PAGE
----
She quotes one section of my book where I discuss mental illness suffered by prominent feminists, such as Kate Millett:
“Kate had a shitload of charm and, in the beginning, a commanding presence, but she also had periods in which she didn’t sleep, raged at others, attempted suicide, and exploited her groupies – all the while feeling victimized by them (which she was). She couldn’t be counted on to remain lucid at a press conference. She also fell in love, and tried to have her way, quite aggressively, with woman after woman (including me).”
She must have missed the part where I specifically laid out the point of my discussion of Kate’s illness:
“The point is that Kate wrote despite her mental illness; she kept going, she never stopped working, not even when other illnesses laid her low.”
Using my historical account of how feminist activists suffered, often made worse by their treatment as feminists in society, to attempt to discredit their work and ideas is not only cruel but intellectually dishonest. As I wrote:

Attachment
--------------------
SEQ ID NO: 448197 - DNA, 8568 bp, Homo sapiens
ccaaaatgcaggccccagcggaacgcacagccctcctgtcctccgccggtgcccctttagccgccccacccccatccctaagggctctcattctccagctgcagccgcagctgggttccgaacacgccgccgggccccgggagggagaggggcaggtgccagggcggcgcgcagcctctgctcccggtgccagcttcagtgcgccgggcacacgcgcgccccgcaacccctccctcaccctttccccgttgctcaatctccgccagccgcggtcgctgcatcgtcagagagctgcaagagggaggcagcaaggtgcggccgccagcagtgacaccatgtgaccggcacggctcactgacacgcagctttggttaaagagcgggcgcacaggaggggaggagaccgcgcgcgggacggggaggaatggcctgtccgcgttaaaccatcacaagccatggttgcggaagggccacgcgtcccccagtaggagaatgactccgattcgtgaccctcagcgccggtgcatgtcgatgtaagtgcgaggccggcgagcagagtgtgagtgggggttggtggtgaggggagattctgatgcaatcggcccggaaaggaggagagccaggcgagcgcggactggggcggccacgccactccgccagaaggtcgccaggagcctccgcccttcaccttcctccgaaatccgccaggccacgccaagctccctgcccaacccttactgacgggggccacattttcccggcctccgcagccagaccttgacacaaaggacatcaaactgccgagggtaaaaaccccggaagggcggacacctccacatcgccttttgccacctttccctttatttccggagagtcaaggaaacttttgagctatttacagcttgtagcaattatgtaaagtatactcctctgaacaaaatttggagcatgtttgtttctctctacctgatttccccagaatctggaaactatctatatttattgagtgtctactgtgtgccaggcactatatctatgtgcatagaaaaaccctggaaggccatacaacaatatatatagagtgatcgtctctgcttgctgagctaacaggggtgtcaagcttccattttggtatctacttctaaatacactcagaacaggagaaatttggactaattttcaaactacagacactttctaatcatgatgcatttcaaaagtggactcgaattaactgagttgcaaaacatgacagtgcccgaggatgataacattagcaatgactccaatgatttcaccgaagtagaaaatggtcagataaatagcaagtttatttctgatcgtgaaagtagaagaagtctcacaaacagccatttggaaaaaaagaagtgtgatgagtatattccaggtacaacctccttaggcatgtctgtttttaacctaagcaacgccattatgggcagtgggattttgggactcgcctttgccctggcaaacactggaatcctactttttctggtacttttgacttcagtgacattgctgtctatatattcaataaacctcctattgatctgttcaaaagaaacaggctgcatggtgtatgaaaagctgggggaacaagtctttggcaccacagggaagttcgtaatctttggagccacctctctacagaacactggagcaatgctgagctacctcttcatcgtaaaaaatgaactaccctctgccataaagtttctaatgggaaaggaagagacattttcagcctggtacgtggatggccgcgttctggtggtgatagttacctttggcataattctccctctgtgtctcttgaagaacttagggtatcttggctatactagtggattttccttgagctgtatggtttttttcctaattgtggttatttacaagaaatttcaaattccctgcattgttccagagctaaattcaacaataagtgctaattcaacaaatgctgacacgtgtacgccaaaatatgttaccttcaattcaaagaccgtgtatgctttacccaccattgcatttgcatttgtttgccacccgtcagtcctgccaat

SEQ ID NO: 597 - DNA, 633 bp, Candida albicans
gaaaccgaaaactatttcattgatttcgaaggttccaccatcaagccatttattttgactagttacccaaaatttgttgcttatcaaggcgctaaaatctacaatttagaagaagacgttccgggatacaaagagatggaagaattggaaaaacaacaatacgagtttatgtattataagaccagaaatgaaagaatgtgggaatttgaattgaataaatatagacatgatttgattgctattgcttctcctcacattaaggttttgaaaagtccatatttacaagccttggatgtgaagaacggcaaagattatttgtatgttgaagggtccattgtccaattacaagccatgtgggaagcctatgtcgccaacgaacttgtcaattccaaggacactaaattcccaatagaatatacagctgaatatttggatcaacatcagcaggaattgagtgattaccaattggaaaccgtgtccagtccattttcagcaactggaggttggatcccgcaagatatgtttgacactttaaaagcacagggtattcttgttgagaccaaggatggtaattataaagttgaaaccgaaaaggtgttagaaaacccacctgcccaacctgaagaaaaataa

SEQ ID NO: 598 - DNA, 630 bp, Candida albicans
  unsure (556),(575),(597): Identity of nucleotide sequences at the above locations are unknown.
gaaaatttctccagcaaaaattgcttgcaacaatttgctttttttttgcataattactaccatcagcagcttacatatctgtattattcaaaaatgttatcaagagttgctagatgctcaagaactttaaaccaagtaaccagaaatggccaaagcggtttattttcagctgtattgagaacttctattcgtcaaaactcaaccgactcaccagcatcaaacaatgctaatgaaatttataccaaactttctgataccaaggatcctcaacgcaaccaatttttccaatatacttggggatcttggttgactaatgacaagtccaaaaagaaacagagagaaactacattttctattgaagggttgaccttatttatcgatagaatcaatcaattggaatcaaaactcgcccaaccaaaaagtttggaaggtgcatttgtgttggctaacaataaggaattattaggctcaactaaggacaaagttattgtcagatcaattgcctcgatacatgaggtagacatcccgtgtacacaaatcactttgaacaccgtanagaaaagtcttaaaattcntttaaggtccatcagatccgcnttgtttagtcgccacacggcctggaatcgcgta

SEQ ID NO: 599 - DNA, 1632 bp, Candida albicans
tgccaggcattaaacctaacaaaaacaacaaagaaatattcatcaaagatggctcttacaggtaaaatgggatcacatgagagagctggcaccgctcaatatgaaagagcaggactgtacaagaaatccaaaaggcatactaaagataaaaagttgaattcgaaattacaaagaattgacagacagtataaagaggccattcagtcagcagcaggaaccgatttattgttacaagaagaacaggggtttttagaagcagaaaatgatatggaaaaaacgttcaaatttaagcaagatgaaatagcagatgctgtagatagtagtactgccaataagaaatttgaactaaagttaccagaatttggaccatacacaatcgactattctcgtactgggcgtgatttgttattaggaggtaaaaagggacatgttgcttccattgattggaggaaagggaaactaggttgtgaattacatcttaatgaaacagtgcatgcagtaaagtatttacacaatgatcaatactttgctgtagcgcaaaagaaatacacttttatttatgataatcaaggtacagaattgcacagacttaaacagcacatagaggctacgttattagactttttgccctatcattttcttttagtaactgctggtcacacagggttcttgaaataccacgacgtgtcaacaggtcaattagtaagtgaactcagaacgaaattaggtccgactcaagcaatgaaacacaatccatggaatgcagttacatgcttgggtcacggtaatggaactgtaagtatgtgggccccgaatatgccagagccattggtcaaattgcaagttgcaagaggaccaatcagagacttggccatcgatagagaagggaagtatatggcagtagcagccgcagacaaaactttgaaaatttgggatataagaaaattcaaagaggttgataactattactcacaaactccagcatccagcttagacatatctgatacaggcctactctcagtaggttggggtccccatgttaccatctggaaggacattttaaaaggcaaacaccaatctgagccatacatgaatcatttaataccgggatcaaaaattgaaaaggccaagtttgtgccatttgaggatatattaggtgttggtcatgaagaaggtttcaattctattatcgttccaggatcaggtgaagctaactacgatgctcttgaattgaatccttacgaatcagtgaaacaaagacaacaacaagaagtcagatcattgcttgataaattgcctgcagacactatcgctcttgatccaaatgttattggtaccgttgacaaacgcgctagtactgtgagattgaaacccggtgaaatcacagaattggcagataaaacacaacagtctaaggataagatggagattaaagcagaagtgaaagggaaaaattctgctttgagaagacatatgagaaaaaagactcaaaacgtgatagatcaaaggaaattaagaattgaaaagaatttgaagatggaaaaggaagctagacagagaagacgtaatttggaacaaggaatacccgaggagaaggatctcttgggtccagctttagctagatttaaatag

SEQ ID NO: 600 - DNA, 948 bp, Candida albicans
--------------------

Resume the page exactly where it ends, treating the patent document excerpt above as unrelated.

“Activists and artists are an at-risk population. Feminists are human beings. Some are normally competitive; some are bullies; some hide their viciousness by operating only in mobs, and a few are sociopaths.”
Despite the burden of such a stigmatized illness, feminists such as Kate Millett and Shulamith Firestone produced important and world-changing work. Unfortunately, madness is also common among many of our greatest male artists e.g. Byron, Ernest Hemingway, Edvard Munch, Edgar Allen Poe, Mark Rothko, Dylan Thomas, and Vincent Van Gogh. Alcoholism, wife battering, promiscuity, pederasty, and drug addiction plagued even more male artists and intellectuals of note—simply too many to list. This is not why we care about them. It is their work that matters.
“Activists and artists are an at-risk population. Feminists are human beings.”